the goods or services provided by these regulated sectors.
Where we identify conduct that falls short of applicable professional standards, we
will take action to address that conduct and protect consumers. In appropriate
cases, we will initiate court or disciplinary proceedings and may seek orders to
remove poorly behaving participants from the market.
Estate agent conduct resulting in underquoting or illegal trust account action
Purchasing a property is one of the biggest financial decisions people make.
Underquoting is when a property is advertised at a price below the estimated selling
price, the seller's asking price, or a price that has been rejected as too low by the
seller. When underquoting occurs, potential buyers can waste significant time and
money inspecting properties that were never in their price range. It may also distort
the market and create an artificial purchasing environment while enriching those
who break the law.
Given their role, estate agents and conveyancers also often hold significant monies
on trust for consumers. Their trust account obligations, including to follow regulated
account keeping practices and annual audit obligations, are critical consumer
protection measures, ensuring client money is safe when entrusted as part of a sale
or rental transaction.
At a time when households are struggling with cost-of-living pressures, the
Government has established a dedicated taskforce within Consumer Affairs Victoria
to ensure property prices are fairly and honestly advertised to protect buyers’ time
and money when they need it most. This builds on our strong focus over the past few
years on ensuring estate agents and conveyancers do not engage in underquoting
and manage their trust accounts properly.
Consumer Affairs Victoria’s underquoting taskforce will crack down on unlawful
underquoting in the property market. Building on the significant activity we have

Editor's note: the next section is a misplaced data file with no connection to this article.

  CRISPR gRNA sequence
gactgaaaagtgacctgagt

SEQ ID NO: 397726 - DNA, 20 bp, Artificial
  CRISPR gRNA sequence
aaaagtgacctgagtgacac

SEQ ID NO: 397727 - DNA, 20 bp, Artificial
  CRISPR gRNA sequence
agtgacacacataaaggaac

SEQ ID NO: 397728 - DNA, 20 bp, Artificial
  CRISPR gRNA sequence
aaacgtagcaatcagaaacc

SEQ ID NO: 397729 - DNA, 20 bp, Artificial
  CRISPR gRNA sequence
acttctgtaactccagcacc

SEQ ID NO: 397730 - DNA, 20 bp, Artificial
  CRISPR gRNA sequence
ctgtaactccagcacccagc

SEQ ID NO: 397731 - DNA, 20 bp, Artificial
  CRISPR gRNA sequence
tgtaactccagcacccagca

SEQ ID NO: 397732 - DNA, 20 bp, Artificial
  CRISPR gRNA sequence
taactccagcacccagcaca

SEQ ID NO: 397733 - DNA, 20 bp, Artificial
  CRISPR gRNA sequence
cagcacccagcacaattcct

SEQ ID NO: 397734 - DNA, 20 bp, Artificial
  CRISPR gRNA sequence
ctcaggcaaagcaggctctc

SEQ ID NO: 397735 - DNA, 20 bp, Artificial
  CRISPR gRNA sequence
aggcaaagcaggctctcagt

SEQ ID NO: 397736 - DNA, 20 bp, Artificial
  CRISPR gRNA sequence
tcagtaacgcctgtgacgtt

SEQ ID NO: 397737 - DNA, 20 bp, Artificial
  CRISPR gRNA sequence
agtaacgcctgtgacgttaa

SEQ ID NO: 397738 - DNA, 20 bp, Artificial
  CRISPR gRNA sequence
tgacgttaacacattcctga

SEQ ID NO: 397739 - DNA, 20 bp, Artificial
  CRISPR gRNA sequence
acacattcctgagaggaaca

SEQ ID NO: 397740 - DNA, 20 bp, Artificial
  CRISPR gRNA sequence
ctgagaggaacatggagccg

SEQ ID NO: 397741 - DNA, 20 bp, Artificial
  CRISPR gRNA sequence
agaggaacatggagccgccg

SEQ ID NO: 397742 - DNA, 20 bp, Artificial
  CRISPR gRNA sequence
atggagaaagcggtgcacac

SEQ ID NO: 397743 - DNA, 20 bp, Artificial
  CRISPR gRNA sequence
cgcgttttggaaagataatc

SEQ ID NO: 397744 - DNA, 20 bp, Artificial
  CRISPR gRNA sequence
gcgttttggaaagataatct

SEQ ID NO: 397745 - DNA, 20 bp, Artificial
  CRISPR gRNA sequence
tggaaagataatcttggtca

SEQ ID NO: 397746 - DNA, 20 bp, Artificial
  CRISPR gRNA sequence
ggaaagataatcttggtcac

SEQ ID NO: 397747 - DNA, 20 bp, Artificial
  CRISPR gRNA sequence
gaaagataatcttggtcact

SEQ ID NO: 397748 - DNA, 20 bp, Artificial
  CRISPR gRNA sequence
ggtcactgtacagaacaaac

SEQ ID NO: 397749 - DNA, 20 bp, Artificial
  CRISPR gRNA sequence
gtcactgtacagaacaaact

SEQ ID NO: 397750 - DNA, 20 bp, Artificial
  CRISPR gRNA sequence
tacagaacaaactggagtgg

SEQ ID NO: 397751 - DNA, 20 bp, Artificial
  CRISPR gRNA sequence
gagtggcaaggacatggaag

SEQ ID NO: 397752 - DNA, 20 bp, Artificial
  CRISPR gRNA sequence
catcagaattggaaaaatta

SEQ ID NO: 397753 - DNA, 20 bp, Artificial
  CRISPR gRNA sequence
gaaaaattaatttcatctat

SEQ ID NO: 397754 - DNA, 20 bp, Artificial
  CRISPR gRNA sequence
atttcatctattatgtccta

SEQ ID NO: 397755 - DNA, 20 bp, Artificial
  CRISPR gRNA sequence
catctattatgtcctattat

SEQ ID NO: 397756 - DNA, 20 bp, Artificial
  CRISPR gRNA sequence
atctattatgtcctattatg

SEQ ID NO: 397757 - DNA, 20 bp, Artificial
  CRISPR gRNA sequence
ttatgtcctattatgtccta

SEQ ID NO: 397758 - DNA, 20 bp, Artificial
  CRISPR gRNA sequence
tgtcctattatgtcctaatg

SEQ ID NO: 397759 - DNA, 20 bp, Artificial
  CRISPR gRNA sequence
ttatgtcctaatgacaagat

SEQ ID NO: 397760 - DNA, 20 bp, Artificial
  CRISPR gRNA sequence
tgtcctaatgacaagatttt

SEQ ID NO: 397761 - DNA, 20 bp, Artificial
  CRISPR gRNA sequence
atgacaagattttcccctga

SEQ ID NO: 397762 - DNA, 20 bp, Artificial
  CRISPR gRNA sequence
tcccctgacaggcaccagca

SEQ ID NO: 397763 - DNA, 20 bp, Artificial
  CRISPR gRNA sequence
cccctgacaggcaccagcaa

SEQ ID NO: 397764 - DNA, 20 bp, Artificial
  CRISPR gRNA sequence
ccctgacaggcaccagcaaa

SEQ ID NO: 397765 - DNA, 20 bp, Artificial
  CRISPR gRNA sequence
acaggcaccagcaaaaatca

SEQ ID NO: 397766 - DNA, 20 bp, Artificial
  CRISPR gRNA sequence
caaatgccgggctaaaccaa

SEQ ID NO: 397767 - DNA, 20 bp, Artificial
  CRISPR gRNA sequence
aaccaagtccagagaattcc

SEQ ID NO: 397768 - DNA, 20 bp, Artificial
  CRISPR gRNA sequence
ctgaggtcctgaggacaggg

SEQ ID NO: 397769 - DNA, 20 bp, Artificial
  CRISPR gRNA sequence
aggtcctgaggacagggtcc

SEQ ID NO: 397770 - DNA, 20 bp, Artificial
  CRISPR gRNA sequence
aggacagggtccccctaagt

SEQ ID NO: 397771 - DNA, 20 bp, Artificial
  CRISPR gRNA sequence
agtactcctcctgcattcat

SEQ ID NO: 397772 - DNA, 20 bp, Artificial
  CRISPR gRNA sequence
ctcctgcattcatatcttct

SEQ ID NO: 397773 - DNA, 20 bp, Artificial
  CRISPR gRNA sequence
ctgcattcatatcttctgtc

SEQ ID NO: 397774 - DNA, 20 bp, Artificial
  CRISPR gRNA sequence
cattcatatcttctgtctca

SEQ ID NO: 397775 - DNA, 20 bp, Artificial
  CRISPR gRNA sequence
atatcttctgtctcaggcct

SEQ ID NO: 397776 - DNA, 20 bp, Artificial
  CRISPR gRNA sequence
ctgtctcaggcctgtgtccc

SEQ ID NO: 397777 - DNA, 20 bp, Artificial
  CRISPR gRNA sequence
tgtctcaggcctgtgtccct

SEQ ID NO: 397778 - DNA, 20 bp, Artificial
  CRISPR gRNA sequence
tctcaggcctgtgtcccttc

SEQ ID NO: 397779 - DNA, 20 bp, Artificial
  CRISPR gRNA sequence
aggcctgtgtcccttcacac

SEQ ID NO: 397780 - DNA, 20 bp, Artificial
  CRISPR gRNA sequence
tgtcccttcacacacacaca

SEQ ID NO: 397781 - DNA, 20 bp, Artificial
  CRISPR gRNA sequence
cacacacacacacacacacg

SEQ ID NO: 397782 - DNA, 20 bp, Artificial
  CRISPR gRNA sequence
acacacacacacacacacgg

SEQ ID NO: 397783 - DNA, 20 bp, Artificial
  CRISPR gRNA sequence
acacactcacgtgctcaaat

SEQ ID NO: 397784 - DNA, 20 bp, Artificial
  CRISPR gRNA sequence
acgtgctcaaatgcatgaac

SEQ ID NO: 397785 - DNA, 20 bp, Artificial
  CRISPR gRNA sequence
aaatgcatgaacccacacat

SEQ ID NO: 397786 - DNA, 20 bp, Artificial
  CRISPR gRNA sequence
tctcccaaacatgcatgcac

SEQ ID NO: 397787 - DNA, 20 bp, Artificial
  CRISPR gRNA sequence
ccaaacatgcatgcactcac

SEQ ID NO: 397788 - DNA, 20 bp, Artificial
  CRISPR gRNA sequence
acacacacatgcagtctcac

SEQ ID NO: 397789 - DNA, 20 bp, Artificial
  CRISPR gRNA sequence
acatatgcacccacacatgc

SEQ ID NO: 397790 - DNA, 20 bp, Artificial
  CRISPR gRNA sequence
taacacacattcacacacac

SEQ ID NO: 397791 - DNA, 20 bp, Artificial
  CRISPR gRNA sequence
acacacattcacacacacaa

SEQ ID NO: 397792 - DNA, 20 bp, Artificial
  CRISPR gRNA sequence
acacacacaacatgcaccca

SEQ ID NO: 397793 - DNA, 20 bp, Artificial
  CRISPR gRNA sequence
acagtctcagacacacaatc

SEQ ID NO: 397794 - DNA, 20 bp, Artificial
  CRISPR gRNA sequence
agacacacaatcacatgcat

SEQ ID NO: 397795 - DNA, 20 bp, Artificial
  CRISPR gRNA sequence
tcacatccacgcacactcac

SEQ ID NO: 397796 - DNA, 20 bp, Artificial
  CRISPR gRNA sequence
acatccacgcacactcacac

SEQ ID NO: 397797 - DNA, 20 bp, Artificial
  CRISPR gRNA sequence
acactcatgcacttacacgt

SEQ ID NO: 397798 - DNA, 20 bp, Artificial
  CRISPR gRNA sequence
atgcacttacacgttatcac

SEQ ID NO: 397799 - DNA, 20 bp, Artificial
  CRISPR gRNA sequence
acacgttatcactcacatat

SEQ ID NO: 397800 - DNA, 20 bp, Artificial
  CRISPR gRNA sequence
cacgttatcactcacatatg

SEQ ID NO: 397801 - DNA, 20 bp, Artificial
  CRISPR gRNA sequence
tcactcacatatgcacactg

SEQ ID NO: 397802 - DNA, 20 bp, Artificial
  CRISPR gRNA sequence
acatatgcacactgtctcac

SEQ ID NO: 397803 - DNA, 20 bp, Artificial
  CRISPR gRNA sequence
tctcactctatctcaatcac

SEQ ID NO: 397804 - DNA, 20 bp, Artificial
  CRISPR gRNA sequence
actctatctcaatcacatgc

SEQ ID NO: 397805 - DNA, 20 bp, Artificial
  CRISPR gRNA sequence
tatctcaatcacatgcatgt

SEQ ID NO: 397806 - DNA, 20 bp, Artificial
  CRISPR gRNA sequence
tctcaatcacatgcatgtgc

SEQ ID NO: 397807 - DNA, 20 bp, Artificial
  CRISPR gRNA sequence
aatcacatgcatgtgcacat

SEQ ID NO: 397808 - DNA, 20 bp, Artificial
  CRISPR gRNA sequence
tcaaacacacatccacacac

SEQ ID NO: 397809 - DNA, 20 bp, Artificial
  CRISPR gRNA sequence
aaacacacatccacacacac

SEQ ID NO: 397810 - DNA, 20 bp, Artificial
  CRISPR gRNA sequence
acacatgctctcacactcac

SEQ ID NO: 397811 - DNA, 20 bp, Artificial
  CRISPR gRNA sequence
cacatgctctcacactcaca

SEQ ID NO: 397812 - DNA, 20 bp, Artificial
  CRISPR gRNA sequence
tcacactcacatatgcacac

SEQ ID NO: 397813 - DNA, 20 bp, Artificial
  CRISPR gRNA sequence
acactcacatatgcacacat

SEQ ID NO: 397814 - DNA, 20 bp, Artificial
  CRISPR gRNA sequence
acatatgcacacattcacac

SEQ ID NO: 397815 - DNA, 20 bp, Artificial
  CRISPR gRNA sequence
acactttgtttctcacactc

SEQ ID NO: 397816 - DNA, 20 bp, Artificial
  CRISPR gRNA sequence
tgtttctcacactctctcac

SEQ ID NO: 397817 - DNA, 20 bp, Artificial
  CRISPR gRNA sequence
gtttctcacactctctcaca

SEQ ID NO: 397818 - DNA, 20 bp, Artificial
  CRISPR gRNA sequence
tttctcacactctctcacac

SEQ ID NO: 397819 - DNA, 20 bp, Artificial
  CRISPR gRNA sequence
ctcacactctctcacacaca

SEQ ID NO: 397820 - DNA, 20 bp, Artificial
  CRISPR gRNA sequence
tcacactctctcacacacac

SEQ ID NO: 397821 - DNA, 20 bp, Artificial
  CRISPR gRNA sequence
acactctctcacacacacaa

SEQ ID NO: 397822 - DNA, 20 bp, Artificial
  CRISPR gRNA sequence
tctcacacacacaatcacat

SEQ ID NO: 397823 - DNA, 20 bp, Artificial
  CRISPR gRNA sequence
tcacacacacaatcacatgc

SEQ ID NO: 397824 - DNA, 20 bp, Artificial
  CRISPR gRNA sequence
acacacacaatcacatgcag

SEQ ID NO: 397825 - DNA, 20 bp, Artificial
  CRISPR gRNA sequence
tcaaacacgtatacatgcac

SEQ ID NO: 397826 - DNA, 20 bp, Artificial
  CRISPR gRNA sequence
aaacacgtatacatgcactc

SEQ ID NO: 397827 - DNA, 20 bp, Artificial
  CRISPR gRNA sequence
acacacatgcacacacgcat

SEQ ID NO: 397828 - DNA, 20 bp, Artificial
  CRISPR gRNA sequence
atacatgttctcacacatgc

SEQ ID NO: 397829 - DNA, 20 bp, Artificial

already undertaken, we will increase our education for agents and the public,
market analysis and sales campaign monitoring, attendance at auctions and
targeted inspections. We will adopt a zero-tolerance approach to underquoting,
responding to all detected non-compliance.
We will also intervene when agents or conveyancers fail to meet their trust account
obligations or misuse trust monies. We will continue to monitor annual trust account
audits and take action, including seeking significant penalties or suspension or loss
of licence, where agents or conveyancers do not meet their obligations.
Domestic building challenges leading to unfinished or defective homes
The COVID-19 pandemic saw increases in the costs of labour and building materials
and significant interruptions to supply chains. We have received increasing
numbers of queries or complaints by consumers building or renovating their homes
seeking assistance or intervention. More recently, the collapse of several high-profile domestic builders has left significant numbers of consumers facing
unfinished builds and higher costs and further dented confidence in the market.
Consumers unprotected by insurance can suffer acute financial distress.
We will provide clear information, advice and support to consumers regarding their
consumer rights when building or renovating, including about entering into
domestic building contracts or negotiating with builders. We will work closely with
our partners and co-regulators and act swiftly to crack down on builders who
persistently fail to comply with basic consumer protections.
Professional engineers failing to get registered to improve professional conduct and outcomes
New, mandatory registration obligations commenced for professional engineers in
2021. This state-wide mandatory registration scheme was introduced to ensure
professional engineers are appropriately qualified and experienced to practise, with
the aim of allowing Victorians to make informed choices about the engineer they
engage and promote greater public confidence in local engineering services,
knowing they meet solid industry benchmarks.
The scheme is being phased in over two and a half years and by 1 December 2023,
the last of the five prescribed tranches of engineers will need to be registered.
We will continue to support the industry and work with co-regulators to help
engineers understand and comply with their new obligations, including to register
and to comply with a Code of Conduct. We will establish a new auditing process to
assess compliance with registration requirements and undertake research to better
understand the industry and ensure our promotion of the new registration
requirements is helpful and effective. In serious cases of non-compliance, we will